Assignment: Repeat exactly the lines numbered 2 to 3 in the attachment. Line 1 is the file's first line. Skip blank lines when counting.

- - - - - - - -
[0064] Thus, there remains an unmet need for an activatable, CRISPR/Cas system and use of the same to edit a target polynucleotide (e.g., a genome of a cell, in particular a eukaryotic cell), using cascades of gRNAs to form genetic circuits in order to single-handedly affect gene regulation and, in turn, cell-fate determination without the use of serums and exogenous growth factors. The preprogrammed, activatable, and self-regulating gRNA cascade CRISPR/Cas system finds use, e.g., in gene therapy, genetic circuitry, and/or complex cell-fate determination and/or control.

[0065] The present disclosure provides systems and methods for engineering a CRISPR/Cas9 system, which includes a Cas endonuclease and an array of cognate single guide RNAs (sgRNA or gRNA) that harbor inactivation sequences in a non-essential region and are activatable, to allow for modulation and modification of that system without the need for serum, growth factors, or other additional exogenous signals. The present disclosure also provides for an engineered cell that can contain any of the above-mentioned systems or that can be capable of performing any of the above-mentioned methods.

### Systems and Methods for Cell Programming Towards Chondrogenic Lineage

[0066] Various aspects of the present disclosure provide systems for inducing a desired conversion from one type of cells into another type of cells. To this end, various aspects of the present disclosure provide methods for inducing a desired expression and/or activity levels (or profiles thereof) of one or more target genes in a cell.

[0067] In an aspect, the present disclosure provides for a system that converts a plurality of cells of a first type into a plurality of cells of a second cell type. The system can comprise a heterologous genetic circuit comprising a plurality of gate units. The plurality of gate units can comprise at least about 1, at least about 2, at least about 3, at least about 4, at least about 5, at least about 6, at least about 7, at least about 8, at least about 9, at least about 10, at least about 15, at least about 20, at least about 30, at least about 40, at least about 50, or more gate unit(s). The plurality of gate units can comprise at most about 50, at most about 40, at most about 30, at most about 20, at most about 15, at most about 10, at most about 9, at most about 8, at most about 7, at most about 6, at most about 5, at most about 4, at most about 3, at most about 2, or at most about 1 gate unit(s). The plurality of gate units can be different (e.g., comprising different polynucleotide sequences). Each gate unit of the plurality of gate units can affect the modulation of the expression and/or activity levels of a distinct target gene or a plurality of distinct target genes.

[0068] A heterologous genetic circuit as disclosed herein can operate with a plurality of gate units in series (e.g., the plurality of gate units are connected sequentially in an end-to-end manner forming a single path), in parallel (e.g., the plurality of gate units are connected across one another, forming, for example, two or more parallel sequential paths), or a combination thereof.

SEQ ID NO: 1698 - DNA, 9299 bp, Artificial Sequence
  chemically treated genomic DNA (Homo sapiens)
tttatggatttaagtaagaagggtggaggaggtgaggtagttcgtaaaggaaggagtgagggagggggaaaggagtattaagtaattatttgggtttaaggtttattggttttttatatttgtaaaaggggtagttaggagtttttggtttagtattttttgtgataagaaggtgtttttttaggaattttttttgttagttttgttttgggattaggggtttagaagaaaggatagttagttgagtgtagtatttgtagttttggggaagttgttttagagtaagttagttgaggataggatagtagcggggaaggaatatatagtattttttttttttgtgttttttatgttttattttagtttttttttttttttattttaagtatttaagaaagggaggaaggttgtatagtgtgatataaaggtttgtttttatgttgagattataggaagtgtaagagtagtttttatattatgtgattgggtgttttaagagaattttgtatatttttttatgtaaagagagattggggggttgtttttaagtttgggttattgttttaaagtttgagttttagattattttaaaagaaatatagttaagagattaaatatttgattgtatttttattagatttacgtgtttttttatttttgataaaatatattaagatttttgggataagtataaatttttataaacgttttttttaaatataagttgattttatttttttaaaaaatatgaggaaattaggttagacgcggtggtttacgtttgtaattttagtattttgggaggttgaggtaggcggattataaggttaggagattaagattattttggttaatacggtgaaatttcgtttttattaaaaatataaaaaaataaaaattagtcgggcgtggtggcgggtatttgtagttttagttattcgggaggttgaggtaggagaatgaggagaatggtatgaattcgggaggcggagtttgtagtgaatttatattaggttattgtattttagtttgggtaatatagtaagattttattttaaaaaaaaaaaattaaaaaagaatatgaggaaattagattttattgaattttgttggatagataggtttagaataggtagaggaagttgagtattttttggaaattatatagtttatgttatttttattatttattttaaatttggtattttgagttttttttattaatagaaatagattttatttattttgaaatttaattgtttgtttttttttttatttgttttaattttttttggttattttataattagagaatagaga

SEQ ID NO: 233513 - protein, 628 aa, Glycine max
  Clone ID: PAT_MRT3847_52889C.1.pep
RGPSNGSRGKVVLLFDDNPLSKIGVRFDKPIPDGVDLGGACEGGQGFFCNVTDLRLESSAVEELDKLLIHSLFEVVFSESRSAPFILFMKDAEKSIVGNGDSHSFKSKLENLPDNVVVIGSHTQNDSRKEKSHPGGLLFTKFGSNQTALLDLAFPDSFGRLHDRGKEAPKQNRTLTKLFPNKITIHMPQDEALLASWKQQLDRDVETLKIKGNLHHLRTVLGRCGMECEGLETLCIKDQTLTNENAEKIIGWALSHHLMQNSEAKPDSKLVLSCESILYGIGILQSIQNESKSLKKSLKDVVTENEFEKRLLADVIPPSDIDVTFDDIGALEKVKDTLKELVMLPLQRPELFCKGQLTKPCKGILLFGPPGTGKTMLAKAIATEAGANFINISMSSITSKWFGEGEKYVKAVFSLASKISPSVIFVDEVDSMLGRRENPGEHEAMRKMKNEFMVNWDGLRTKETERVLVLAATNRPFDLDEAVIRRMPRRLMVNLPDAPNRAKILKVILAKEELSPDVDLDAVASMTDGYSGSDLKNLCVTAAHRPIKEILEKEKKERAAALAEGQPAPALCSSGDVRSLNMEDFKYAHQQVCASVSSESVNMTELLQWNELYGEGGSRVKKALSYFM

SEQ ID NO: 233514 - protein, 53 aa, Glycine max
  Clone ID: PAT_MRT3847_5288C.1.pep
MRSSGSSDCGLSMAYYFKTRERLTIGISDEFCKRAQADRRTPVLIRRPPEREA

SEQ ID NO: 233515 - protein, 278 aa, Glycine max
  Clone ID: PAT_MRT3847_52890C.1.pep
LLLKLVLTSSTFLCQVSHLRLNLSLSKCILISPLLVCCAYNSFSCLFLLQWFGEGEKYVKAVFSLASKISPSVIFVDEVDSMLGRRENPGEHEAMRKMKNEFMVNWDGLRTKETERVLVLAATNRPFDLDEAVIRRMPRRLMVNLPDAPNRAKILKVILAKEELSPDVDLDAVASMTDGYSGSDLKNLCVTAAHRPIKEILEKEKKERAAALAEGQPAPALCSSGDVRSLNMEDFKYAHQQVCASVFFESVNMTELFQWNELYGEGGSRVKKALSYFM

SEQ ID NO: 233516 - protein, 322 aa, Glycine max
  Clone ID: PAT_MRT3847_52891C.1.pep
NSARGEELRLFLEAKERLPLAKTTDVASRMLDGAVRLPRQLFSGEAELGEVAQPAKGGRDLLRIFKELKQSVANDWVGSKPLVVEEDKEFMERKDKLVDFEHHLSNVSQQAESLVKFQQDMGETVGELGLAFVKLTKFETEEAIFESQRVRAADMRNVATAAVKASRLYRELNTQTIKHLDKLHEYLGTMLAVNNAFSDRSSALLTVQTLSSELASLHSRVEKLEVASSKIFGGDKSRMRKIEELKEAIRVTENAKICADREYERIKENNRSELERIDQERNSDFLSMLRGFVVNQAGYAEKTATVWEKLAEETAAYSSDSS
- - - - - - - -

[0065] The present disclosure provides systems and methods for engineering a CRISPR/Cas9 system, which includes a Cas endonuclease and an array of cognate single guide RNAs (sgRNA or gRNA) that harbor inactivation sequences in a non-essential region and are activatable, to allow for modulation and modification of that system without the need for serum, growth factors, or other additional exogenous signals. The present disclosure also provides for an engineered cell that can contain any of the above-mentioned systems or that can be capable of performing any of the above-mentioned methods.

### Systems and Methods for Cell Programming Towards Chondrogenic Lineage